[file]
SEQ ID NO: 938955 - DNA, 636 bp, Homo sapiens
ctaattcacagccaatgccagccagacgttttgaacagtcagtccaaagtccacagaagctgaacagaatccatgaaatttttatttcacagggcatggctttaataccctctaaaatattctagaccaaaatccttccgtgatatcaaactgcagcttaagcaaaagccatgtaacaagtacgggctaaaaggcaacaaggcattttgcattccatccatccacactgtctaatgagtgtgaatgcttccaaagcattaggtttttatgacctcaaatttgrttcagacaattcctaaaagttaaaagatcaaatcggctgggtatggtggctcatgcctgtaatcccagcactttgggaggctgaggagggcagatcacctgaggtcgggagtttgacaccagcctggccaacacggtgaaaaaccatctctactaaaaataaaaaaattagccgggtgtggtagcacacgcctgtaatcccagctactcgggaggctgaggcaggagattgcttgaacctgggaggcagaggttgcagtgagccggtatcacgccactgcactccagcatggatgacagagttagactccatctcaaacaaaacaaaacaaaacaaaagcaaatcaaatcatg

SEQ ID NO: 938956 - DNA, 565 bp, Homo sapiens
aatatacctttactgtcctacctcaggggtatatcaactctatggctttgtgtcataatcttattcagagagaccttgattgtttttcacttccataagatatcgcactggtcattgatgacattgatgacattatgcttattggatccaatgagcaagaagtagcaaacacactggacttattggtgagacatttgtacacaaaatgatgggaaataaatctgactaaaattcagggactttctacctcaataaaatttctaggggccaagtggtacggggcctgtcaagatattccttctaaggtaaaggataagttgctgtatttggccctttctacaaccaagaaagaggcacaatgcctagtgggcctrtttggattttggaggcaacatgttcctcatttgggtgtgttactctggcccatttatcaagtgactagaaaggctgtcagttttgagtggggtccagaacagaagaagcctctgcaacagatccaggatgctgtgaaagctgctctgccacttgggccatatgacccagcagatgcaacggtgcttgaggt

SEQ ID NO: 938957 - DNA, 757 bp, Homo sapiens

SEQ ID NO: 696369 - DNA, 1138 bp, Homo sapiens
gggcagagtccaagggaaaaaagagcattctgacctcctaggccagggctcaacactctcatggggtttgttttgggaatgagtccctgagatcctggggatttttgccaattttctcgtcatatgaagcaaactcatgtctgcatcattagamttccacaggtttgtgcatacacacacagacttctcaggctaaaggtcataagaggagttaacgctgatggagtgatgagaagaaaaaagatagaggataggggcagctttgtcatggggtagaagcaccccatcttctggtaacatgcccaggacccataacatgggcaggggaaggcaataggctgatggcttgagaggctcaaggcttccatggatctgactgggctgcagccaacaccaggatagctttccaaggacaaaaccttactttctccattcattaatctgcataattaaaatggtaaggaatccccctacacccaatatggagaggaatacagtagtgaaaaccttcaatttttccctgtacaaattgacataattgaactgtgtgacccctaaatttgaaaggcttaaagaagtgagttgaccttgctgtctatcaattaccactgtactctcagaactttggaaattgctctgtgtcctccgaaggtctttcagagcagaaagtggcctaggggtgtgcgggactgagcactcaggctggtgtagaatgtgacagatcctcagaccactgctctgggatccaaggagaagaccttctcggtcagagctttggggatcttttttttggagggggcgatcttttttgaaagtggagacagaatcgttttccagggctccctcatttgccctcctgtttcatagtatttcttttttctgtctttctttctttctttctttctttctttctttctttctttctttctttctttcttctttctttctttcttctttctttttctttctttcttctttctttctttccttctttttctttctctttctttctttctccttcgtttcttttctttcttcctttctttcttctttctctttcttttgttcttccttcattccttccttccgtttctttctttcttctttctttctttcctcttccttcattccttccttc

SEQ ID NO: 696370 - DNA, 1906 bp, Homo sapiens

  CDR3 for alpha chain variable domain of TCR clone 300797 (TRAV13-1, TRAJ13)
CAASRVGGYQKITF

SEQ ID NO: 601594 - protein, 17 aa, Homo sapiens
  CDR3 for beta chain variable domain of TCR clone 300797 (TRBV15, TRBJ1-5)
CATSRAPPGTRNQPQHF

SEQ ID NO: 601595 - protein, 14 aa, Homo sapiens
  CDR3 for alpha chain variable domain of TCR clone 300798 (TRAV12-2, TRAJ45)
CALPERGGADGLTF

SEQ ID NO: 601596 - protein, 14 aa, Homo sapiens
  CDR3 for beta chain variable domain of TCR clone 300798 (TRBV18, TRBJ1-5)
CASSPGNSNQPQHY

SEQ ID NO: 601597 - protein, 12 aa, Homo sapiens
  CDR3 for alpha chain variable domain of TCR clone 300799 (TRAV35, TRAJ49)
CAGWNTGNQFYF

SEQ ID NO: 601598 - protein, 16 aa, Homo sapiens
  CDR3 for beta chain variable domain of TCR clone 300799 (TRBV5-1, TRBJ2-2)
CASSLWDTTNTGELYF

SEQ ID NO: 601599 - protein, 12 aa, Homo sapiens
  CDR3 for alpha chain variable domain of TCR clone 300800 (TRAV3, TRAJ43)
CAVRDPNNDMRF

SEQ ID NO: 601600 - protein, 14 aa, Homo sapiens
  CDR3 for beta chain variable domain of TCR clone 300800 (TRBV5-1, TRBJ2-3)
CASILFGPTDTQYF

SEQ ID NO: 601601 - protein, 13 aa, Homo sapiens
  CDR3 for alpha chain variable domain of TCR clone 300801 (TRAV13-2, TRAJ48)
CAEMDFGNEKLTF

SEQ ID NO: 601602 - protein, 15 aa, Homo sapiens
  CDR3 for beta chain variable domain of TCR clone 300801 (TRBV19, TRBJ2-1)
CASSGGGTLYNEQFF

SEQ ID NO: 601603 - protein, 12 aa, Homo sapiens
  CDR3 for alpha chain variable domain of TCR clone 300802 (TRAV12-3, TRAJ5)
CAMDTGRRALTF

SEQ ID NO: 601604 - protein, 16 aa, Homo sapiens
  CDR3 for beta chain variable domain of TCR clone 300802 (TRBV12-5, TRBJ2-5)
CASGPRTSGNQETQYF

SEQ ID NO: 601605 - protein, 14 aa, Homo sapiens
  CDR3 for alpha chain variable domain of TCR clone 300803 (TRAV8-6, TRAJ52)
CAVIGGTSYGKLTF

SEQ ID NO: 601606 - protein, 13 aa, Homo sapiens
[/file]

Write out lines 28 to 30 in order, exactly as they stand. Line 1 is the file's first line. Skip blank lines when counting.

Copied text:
CAVRDPNNDMRF

SEQ ID NO: 601600 - protein, 14 aa, Homo sapiens
  CDR3 for beta chain variable domain of TCR clone 300800 (TRBV5-1, TRBJ2-3)